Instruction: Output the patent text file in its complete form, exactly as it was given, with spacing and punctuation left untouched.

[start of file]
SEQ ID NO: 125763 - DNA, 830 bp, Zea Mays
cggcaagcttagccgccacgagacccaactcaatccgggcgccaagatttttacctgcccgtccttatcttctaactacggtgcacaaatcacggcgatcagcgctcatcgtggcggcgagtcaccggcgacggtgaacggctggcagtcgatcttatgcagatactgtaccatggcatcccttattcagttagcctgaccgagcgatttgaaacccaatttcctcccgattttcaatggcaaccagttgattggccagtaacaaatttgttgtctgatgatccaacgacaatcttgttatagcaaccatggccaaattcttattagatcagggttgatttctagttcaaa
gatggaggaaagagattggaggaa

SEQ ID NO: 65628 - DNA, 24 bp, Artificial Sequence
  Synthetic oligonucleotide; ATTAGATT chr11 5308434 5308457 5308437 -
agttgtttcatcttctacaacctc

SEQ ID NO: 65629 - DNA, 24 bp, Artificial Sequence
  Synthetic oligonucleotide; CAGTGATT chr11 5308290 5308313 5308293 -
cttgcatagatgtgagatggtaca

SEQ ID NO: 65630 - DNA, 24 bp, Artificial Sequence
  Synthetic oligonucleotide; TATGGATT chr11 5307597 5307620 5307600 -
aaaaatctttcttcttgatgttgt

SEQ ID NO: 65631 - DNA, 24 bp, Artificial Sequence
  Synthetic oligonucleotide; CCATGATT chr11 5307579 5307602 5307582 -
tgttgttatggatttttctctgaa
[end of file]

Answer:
SEQ ID NO: 125763 - DNA, 830 bp, Zea Mays
cggcaagcttagccgccacgagacccaactcaatccgggcgccaagatttttacctgcccgtccttatcttctaactacggtgcacaaatcacggcgatcagcgctcatcgtggcggcgagtcaccggcgacggtgaacggctggcagtcgatcttatgcagatactgtaccatggcatcccttattcagttagcctgaccgagcgatttgaaacccaatttcctcccgattttcaatggcaaccagttgattggccagtaacaaatttgttgtctgatgatccaacgacaatcttgttatagcaaccatggccaaattcttattagatcagggttgatttctagttcaaa
gatggaggaaagagattggaggaa

SEQ ID NO: 65628 - DNA, 24 bp, Artificial Sequence
  Synthetic oligonucleotide; ATTAGATT chr11 5308434 5308457 5308437 -
agttgtttcatcttctacaacctc

SEQ ID NO: 65629 - DNA, 24 bp, Artificial Sequence
  Synthetic oligonucleotide; CAGTGATT chr11 5308290 5308313 5308293 -
cttgcatagatgtgagatggtaca

SEQ ID NO: 65630 - DNA, 24 bp, Artificial Sequence
  Synthetic oligonucleotide; TATGGATT chr11 5307597 5307620 5307600 -
aaaaatctttcttcttgatgttgt

SEQ ID NO: 65631 - DNA, 24 bp, Artificial Sequence
  Synthetic oligonucleotide; CCATGATT chr11 5307579 5307602 5307582 -
tgttgttatggatttttctctgaa